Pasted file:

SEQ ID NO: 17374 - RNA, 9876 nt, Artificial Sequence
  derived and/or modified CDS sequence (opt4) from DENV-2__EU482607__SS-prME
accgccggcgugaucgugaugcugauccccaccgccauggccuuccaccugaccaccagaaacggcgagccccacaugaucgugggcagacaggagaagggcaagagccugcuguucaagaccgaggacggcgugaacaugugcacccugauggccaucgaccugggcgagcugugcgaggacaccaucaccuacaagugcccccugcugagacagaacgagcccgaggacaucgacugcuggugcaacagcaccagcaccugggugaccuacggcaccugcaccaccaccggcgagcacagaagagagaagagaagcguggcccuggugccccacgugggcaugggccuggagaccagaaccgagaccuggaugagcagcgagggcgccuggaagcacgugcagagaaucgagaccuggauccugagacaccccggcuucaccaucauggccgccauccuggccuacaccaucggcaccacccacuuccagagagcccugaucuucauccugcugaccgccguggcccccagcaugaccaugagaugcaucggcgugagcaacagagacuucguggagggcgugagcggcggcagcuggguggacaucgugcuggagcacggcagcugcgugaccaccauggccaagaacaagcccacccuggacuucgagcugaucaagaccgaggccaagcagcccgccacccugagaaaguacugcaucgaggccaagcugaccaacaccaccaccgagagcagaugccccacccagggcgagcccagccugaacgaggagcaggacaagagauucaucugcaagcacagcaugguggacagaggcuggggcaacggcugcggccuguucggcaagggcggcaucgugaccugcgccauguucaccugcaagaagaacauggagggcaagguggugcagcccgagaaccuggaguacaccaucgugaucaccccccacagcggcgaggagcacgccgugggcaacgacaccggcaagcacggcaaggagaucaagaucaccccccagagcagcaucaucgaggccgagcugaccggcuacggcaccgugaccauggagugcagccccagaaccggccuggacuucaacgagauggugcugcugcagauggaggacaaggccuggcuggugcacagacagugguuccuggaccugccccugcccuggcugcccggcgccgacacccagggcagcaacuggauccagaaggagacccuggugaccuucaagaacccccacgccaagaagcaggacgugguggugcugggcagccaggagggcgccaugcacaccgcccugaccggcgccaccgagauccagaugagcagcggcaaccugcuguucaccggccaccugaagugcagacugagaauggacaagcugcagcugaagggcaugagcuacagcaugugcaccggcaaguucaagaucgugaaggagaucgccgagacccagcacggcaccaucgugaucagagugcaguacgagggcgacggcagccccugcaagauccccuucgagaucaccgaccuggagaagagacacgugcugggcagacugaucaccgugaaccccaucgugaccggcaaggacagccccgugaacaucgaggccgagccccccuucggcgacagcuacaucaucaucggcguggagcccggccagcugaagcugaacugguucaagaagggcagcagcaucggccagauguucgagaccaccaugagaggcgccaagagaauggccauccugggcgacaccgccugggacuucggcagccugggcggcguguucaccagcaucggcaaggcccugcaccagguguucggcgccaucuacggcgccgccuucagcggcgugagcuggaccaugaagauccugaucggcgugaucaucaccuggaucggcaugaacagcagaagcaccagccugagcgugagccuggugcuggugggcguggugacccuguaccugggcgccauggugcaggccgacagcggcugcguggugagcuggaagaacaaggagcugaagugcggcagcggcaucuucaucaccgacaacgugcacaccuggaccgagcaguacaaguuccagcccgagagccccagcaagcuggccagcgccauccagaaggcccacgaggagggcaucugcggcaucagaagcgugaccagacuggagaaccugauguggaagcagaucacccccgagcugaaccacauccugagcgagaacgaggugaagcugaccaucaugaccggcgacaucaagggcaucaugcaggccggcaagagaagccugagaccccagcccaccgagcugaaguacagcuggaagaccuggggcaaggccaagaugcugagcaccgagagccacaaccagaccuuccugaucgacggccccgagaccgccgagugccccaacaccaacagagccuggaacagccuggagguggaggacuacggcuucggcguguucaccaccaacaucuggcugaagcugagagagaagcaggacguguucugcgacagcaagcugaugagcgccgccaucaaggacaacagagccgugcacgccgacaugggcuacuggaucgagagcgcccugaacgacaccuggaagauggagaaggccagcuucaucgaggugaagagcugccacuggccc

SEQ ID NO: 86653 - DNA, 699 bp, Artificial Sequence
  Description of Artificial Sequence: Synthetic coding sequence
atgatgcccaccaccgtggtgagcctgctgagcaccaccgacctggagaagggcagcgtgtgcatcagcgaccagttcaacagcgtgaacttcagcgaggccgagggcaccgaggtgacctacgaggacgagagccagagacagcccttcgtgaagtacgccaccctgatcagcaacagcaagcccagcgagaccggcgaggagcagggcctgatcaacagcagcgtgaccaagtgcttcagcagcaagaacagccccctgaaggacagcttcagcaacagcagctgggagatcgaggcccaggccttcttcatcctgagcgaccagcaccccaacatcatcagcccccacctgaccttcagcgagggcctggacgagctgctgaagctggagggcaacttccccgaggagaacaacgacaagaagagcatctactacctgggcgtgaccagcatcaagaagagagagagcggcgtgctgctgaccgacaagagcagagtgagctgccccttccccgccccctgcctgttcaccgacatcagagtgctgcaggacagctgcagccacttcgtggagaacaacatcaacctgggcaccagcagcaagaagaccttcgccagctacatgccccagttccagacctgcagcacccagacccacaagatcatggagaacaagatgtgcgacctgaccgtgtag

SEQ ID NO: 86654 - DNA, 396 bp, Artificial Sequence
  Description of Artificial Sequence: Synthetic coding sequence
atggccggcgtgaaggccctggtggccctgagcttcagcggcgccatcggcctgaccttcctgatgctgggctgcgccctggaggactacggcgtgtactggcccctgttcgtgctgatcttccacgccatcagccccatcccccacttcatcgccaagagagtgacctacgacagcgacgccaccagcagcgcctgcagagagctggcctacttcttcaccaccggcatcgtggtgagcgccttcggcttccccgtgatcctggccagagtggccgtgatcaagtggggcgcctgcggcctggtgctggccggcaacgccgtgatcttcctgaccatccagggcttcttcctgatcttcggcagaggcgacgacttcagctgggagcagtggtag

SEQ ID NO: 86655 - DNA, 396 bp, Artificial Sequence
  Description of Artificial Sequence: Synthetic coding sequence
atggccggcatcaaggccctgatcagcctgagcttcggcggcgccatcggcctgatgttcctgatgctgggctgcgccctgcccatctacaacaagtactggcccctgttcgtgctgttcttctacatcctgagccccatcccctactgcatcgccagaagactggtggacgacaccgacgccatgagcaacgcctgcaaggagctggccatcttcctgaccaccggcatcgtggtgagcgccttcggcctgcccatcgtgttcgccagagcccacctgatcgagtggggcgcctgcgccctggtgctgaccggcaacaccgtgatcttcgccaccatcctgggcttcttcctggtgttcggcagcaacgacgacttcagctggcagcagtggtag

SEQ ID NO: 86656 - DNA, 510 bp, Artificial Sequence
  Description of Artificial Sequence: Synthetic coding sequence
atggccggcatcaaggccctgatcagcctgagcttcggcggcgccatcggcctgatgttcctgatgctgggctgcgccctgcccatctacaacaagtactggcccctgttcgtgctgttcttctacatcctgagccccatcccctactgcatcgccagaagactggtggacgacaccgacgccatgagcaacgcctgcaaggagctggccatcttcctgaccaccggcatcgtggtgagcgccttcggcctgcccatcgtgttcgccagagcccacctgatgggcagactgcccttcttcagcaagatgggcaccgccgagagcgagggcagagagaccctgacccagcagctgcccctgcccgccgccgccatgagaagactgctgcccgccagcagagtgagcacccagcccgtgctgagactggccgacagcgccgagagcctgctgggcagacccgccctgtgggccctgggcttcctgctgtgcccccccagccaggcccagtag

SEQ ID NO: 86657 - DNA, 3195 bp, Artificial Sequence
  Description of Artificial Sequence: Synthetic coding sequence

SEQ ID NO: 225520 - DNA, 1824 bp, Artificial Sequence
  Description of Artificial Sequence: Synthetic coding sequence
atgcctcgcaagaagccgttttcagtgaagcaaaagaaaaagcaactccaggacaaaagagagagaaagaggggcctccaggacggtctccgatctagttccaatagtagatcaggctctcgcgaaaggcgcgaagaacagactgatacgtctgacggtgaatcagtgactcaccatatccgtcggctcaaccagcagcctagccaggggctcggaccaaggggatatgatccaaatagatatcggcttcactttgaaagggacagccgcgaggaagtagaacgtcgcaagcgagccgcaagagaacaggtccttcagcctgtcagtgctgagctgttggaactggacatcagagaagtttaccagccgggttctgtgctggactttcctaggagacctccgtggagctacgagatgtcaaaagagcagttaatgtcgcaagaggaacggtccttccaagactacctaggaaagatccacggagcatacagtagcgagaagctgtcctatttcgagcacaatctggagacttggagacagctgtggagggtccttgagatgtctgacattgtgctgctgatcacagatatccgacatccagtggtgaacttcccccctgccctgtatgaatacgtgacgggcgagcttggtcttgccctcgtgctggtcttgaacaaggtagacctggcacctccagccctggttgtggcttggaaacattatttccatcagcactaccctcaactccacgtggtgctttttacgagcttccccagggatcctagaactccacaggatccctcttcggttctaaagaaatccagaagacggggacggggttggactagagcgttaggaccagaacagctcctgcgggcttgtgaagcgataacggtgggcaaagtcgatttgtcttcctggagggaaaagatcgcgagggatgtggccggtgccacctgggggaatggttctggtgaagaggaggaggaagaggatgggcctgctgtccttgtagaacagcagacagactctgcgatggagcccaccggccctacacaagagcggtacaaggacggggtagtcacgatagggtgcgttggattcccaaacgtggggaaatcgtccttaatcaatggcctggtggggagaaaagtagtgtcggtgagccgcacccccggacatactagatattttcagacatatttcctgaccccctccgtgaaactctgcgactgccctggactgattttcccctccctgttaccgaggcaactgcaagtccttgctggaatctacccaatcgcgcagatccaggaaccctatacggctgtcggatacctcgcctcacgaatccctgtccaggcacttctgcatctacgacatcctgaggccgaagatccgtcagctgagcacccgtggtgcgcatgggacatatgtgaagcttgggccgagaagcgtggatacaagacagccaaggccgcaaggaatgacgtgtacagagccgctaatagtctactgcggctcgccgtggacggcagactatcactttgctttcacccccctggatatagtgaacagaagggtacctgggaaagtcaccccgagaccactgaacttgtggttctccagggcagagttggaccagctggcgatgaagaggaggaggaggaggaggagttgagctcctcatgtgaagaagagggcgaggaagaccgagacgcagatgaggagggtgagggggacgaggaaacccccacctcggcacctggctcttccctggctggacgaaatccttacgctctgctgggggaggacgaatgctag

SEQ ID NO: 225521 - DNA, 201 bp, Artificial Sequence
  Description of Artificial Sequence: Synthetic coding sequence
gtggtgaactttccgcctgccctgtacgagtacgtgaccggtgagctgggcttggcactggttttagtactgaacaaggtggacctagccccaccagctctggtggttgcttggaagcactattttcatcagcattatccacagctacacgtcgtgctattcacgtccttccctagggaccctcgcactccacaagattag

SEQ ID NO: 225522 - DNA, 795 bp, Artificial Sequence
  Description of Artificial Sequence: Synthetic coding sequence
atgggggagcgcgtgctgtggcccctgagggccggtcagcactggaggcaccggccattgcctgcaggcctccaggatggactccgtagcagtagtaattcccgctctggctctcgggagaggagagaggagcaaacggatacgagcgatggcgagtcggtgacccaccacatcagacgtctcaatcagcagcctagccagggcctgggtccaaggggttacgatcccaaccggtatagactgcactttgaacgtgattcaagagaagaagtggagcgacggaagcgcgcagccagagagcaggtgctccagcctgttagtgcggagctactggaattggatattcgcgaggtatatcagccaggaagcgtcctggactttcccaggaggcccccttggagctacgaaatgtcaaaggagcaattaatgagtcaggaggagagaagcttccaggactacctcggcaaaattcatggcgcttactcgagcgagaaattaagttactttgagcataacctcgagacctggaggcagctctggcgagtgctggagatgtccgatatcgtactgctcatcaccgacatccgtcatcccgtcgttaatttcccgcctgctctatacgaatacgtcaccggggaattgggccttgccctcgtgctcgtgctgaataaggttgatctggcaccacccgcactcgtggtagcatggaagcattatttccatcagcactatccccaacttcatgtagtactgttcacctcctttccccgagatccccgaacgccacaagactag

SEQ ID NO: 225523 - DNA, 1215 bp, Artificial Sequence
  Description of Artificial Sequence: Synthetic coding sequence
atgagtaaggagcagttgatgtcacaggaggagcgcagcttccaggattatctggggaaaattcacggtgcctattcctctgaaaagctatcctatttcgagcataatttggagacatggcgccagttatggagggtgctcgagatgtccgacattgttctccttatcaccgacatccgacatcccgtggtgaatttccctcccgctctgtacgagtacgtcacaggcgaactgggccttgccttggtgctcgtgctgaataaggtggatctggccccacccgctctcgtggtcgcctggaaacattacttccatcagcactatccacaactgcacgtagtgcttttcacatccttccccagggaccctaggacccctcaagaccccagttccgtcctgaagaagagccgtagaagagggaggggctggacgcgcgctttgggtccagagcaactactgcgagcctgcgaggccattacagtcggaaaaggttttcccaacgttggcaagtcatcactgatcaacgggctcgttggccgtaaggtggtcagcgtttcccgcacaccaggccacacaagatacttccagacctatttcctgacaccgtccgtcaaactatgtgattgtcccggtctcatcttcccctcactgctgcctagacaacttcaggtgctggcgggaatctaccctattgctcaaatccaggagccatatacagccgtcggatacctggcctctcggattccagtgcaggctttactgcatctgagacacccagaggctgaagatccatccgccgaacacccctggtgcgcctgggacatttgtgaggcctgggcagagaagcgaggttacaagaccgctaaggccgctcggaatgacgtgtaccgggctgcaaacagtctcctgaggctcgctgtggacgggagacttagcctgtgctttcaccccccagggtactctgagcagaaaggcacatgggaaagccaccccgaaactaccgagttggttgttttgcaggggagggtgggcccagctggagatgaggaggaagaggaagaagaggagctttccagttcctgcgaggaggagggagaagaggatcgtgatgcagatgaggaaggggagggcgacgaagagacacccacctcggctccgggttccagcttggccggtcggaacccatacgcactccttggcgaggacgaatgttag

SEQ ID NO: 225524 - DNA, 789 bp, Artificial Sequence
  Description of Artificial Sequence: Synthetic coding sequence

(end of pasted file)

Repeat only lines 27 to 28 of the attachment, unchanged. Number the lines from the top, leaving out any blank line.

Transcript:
SEQ ID NO: 225523 - DNA, 1215 bp, Artificial Sequence
  Description of Artificial Sequence: Synthetic coding sequence